After dismissing interim and interlocutory injunction motions, the Federal Court awarded costs to the successful defendant at a quantum higher than stipulated in Column III of Tariff B of the Federal Courts Rules. The tariff was “woefully inadequate” in the circumstances.
In The Regents of the University of California et al v I-Med Pharma Inc, Justice Manson of the Federal Court dismissed the plaintiffs’ interim injunction motion1 and interlocutory injunction motion2 for failing to demonstrate irreparable harm. Our IP Monitor discussing the judgment refusing the interlocutory injunction can be found here.
The court awarded approximately $140,000 in costs to the successful defendant. This was much higher than the amount stipulated in Column III of Tariff B. The judge determined costs stipulated by the tariff were “woefully inadequate in this case,” for they covered only about 10% of the defendant’s actual incurred fees.
The plaintiff and moving party, TearLab Corporation, is an exclusive licensee of Canadian Patent No. 2,494,540 (the ‘540 Patent), which is owned by the other plaintiff in this case, the Regents of the University of California (University). The ‘540 Patent generally relates to diagnostic devices, systems, and methods for measuring the osmolarity of tears, said to be useful for diagnosing and treating dry eye disease.
TearLab filed an interlocutory injunction motion to prevent the defendant I-MED Pharma Inc. from selling its ophthalmic medical device pending determination at trial of patent infringement and validity. TearLab further filed a motion for an interim injunction to prevent I-MED from selling its device before the interlocutory injunction motion was heard. The Federal Court dismissed both injunction motions.
I-MED moved for, and was awarded, $100,000 as security for costs through discovery as neither TearLab nor the University is ordinarily resident in Canada.
The parties’ positions
TearLab argued that costs should be awarded pursuant to the middle of Column III of Tariff B of the Federal Courts Rules as the issues in both injunction motions were not complex. In the alternative, if the court were to award a lump sum, TearLab argued that fees for I-MED’s expert should be reasonably capped and I-MED’s disbursements should be assessed for reasonableness.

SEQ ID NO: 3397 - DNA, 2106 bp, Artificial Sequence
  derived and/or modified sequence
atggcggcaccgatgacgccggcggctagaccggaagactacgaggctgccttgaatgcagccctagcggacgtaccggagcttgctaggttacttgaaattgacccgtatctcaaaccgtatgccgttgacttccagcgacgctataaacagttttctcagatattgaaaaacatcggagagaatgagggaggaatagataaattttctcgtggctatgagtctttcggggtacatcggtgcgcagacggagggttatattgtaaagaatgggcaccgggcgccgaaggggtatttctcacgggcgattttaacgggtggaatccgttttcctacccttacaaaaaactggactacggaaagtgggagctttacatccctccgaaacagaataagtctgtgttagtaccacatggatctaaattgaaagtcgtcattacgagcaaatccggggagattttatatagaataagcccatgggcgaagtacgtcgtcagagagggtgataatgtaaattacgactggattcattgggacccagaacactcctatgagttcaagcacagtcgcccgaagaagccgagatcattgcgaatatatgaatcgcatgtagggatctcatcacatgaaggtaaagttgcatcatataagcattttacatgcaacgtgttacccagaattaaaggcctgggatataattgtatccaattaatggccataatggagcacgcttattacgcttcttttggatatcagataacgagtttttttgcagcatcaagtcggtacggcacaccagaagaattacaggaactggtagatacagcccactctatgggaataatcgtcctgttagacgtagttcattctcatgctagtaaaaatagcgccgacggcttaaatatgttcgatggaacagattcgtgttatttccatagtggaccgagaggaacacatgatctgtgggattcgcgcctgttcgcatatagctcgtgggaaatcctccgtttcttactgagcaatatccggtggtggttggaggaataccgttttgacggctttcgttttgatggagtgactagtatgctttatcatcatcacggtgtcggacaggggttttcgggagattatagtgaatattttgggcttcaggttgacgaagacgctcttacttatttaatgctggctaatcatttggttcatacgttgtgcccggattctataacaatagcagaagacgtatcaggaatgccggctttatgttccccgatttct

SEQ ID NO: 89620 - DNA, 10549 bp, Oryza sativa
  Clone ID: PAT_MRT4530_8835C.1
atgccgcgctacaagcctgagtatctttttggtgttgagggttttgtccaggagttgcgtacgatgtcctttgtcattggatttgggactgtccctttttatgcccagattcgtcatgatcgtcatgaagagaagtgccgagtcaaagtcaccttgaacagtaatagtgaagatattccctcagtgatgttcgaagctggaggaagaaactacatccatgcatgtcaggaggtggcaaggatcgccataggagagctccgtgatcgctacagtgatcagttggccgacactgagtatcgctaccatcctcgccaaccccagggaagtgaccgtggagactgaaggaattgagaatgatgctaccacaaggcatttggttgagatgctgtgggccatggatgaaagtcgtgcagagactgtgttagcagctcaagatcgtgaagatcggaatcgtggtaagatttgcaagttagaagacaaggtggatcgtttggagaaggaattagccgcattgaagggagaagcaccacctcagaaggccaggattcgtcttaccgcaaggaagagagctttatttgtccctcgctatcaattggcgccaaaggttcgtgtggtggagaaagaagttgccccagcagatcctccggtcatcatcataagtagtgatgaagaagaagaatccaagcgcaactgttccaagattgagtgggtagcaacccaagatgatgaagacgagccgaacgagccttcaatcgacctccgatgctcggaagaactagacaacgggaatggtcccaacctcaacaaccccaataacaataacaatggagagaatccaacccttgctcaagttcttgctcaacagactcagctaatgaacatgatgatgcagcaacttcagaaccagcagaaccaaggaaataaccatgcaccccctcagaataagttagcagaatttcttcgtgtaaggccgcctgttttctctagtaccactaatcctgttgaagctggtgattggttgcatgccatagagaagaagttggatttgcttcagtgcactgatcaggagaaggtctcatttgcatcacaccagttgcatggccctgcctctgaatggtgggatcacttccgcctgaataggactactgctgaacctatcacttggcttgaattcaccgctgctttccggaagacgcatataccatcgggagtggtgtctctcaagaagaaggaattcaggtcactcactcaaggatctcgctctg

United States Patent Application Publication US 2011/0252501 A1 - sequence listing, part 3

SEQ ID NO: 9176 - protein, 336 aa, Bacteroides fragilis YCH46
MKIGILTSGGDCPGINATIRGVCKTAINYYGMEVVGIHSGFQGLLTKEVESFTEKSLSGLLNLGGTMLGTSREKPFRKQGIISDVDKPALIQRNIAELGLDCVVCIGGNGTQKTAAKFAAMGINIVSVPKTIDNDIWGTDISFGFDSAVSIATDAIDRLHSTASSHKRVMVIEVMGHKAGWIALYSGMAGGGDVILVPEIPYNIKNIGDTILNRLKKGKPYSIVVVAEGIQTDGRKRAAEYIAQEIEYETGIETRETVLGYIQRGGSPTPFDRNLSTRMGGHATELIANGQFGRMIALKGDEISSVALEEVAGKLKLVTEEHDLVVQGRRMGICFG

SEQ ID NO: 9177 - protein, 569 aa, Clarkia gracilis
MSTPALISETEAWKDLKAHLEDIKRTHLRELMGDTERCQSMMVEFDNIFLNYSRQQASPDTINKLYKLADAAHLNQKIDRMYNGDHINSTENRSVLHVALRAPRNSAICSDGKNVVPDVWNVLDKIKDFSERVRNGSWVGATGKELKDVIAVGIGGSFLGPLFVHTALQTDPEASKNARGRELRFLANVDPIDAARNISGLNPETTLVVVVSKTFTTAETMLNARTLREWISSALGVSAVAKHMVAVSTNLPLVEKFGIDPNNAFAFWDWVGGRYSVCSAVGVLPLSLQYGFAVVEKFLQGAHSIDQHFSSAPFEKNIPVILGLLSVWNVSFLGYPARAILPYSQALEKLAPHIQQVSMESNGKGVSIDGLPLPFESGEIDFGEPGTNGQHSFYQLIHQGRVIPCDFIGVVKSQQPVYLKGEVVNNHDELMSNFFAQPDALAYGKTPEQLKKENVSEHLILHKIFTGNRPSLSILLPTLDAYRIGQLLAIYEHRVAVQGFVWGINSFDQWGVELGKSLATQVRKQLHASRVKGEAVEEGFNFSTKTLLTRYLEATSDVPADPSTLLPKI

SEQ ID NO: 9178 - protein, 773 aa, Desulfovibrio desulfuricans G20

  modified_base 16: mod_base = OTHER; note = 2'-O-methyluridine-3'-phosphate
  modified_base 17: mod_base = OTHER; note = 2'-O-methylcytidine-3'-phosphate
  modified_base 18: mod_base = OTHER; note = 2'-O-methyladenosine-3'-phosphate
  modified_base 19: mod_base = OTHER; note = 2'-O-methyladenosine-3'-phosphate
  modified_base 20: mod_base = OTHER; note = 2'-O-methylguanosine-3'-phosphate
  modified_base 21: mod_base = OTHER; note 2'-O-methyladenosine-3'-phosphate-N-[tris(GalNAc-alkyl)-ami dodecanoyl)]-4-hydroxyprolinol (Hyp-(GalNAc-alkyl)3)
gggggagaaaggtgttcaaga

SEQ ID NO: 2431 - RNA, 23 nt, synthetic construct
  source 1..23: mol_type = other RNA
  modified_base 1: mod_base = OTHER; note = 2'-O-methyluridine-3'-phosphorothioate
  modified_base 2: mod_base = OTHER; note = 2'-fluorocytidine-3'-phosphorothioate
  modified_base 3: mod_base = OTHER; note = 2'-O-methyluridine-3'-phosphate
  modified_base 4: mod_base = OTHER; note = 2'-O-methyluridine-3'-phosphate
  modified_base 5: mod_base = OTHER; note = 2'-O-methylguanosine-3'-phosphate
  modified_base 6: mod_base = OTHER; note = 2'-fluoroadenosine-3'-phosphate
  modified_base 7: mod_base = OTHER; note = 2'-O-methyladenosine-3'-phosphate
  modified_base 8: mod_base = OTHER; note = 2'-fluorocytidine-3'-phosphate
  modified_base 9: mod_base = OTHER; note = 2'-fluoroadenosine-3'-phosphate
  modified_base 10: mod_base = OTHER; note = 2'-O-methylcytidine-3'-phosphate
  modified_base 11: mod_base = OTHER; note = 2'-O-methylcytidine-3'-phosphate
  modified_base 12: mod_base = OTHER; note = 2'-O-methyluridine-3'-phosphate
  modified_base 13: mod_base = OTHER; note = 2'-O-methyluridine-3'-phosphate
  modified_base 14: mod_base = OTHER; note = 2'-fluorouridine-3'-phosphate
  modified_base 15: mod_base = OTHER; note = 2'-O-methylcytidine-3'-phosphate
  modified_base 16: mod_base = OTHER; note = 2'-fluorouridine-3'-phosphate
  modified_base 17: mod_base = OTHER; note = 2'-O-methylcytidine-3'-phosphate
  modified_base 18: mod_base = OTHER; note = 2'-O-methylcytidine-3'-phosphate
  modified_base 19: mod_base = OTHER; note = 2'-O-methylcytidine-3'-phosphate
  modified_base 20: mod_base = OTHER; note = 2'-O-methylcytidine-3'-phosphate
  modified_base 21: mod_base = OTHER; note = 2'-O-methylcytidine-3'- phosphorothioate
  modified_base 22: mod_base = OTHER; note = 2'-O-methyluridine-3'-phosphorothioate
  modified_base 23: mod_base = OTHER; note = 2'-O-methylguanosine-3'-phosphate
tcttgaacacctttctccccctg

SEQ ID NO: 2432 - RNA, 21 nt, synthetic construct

I-MED argued that costs should be awarded at two-thirds of its actual legal fees for two reasons. First, I-MED was successful in dismissing both injunction motions. Second, the quantum of costs stipulated by Column III of Tariff B would only reimburse I-MED for about 10% of its actual fees incurred for the injunction motions and its motion for security for costs.
I-MED further sought to be reimbursed for all of its disbursements, which it submitted was reasonable, given its reliance on a single expert and reasonable use of counsel leading to the injunction hearings.
The court’s analysis
Justice Manson acknowledged that TearLab’s injunction motions were reasonably brought, that there was a serious issue at play in both motions, and that there was some overlap in preparation for and arguments made with respect to expert and fact evidence used in both motions.
However, in awarding costs to I-MED at a quantum higher than stipulated in Column III of Tariff B, Justice Manson recognized the fundamental purposes that modern costs rules should foster, which include: (i) to partially indemnify successful litigants for the costs of litigation; (ii) to encourage settlement; and (iii) to discourage and sanction inappropriate behaviour. Further, a costs award should reflect what the court views as a fair and reasonable amount that should be paid by the unsuccessful party.
Upon consideration of I-MED’s actual fees incurred to successfully defend both injunction motions, and the factors set out in subsection 400(3) of the Federal Courts Rules, Justice Manson concluded that the quantum of costs stipulated by Column III of Tariff B was woefully inadequate.
Justice Manson further held that I-MED was entitled to reasonable disbursements. He noted that I-MED’s disbursements were generally reasonable, but made some discounts for the overlap involved in the two injunction motions, and a lack of evidence on the dates and length of stay for travel expenses and the hourly rate of I-MED’s expert.
Justice Manson ultimately awarded a lump sum to I-MED, which covered approximately 40% of the defendant’s actual fees and approximately 60% of the defendant’s disbursements.
This decision is another example of the Federal Court’s willingness to deviate from the tariff when doing so will be fair and reasonable.3
Link to decisions:
1. 2016 FC 350.
2. 2016 FC 606.
3. In The Dow Chemical Company v Nova Chemical Corporation, 2016 FC 91, Justice O’Keefe deviated from the tariffs and awarded the plaintiffs of a successful patent infringement proceeding a lump-sum award of 30% of the plaintiffs’ legal fees. Following the tariffs would have restricted the costs award to only 11% of the plaintiffs’ legal fees. Our IP Monitor relating to this judgment can be found here.